So one of the things I get asked frequently during pregnancy is if it’s normal to have vaginal pain during the pregnancy. It’s extremely common to have vaginal pain in pregnancy, but there are several things that you should think about when you are experiencing this, and there are things that you should know to tell your OB. So the things that we consider when I hear “vaginal pain” are: What is the type of pain? How long have they had it? And does anything make it better or worse? The reason we ask those questions is to figure out if it’s a pain that is normal and is just a complication of the fetus developing during pregnancy, or if it’s something that could be a sign of a problem with pregnancy. One of the first questions that your OB will ask is: What does the pain feel like? One of the most common symptoms of vaginal pain, particularly in the 3rd trimester, is a very sharp shooting pain down into the vaginal area from the upper abdomen. That is a very normal type of pain. It’s usually without prompt. It usually goes away quickly, and doesn’t leave any lasting pain symptoms with it. That’s most likely a nerve pain related to pressure from the fetal head, or whatever the fetal presenting part is on the pelvic nerve. As you get further and further in pregnancy, those pains become more common because the baby’s head is a lot larger, and it tends to put more pressure on those nerves with everyday movement and normal activities. We don’t worry about that pain as long as it comes and goes.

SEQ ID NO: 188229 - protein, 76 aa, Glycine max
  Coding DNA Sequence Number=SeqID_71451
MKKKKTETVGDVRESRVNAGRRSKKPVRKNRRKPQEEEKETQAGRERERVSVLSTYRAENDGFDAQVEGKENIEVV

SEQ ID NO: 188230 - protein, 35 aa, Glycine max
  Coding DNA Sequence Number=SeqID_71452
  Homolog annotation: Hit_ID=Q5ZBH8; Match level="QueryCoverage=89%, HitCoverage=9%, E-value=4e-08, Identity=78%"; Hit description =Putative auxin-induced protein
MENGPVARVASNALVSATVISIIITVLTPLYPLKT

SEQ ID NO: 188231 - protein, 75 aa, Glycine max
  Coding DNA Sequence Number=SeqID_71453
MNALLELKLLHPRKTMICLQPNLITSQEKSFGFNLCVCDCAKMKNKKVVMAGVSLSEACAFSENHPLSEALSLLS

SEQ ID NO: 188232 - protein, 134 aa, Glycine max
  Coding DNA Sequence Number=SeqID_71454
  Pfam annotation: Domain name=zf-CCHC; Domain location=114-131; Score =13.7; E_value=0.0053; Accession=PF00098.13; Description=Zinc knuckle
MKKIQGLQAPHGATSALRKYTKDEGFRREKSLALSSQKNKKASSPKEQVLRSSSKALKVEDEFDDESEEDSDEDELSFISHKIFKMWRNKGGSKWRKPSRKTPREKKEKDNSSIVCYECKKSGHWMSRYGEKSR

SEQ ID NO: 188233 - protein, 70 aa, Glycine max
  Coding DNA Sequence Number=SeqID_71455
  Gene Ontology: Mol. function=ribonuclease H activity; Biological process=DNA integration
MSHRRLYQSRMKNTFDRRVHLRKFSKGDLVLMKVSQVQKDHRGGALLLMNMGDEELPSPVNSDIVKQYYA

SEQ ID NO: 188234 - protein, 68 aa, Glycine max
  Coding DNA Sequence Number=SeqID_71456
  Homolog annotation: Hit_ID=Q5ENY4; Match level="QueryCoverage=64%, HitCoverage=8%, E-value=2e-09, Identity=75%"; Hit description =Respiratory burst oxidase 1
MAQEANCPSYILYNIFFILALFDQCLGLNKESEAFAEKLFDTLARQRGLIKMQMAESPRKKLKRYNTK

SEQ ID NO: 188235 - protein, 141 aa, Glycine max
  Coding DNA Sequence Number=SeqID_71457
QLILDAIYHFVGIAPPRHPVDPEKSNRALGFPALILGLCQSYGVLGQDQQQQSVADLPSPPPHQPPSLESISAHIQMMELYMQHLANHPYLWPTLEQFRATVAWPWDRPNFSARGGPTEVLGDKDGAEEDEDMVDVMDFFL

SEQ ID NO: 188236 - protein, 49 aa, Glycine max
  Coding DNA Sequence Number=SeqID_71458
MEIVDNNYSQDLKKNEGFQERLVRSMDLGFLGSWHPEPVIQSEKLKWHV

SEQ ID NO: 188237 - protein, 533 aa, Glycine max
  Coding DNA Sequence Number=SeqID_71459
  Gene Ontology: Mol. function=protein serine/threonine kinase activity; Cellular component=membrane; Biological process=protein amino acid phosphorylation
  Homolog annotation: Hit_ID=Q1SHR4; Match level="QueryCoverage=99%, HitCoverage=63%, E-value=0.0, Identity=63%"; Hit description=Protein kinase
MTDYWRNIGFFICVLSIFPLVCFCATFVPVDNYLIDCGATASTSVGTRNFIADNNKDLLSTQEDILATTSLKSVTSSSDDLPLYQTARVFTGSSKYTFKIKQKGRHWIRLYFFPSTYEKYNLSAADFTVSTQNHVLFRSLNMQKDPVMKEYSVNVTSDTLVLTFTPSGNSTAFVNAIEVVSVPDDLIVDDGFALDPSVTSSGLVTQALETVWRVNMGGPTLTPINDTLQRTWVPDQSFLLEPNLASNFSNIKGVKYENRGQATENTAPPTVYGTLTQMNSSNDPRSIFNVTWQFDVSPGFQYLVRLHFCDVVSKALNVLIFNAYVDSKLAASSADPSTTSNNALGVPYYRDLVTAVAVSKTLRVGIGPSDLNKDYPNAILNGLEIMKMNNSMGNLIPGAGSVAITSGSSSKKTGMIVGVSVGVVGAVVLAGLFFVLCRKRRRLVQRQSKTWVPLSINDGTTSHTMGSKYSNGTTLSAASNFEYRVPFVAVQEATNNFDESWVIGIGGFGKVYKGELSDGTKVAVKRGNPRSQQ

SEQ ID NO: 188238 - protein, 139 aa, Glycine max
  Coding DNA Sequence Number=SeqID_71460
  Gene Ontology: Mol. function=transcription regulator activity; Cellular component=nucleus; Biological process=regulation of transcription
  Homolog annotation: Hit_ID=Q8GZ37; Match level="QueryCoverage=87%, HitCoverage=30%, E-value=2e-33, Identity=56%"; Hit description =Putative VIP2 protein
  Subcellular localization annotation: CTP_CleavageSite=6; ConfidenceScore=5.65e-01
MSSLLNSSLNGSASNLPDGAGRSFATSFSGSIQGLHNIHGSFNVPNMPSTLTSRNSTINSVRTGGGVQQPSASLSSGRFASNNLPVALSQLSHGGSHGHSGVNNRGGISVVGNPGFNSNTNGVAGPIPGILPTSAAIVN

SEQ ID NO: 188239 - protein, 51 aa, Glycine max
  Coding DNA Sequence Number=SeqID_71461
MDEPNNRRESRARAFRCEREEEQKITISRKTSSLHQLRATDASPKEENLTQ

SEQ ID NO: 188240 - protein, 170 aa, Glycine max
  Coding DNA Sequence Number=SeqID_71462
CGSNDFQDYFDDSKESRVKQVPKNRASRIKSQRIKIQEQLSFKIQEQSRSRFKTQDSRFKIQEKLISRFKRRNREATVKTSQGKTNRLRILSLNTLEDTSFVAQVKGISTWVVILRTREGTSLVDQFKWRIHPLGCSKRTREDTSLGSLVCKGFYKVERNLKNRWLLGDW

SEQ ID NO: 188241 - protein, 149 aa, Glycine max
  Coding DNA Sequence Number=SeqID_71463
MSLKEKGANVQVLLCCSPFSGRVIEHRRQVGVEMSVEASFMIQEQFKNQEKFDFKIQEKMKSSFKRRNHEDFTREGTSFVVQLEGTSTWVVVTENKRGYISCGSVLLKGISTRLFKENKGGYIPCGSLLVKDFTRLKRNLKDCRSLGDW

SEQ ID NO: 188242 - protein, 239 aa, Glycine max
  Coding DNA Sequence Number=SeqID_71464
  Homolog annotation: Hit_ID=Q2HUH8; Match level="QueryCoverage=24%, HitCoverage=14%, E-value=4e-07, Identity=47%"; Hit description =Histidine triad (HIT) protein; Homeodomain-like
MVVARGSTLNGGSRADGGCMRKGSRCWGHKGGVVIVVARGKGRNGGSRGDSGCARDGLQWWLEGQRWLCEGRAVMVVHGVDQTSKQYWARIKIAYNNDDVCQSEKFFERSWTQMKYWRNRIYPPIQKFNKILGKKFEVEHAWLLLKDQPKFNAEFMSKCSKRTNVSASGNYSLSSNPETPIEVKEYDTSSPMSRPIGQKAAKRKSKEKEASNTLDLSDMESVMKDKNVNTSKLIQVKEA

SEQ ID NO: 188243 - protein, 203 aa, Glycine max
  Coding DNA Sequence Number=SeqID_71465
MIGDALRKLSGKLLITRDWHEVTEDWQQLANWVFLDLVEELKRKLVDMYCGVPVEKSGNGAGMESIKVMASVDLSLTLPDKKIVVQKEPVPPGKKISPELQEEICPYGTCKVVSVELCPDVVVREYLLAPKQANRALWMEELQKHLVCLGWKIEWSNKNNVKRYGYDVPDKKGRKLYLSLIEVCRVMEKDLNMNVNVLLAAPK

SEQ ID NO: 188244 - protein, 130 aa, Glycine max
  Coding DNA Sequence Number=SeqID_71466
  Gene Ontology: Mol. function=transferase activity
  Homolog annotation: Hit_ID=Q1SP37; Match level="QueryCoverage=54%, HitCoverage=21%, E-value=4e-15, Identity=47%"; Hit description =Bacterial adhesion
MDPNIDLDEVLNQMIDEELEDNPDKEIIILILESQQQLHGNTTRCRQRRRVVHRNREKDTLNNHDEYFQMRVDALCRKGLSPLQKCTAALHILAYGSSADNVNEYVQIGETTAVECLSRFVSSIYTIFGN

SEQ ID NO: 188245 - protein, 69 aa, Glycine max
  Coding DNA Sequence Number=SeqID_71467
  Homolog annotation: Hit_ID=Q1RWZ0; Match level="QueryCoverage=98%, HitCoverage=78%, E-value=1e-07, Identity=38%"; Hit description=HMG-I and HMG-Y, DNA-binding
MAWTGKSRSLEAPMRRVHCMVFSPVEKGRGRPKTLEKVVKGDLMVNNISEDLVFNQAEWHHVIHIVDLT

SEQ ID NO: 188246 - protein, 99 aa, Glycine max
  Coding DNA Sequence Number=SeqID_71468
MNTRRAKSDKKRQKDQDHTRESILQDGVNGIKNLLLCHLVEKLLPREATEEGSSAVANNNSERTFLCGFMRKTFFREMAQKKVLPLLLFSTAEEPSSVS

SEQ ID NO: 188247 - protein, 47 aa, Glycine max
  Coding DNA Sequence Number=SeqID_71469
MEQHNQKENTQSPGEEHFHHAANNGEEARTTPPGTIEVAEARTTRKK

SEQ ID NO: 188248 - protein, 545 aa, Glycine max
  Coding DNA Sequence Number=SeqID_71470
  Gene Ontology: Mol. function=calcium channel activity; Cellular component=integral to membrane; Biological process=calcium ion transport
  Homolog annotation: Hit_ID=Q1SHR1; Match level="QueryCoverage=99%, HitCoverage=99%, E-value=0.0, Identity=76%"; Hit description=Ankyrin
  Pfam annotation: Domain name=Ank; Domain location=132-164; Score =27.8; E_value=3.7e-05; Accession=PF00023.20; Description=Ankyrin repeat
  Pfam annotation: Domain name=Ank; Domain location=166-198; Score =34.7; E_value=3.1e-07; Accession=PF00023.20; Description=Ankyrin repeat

There’s also pain that can be symptoms of early labor or labor that’s on time. That type of vaginal pain will more often be a cramping type of pain, like a menstrual cramp or sometimes more intense, radiating to the back or the low back. That type of pain that tends to come and go in waves is more concerning for a contraction. If you’re full term, meaning past 37 weeks, or even close to full term, your obstetrician may not be concerned about that, because it just may be early labor, especially if it’s not consistent. If you’re preterm, meaning before 37 weeks, that symptom can be more concerning, particularly if you’re very preterm, and your body shouldn’t really be having regular contractions. So if you’re experiencing waves of pain that feel more like a menstrual cramp that can radiate down into the vaginal area, that would be something to let your obstetrician know, regardless of where you are in the pregnancy.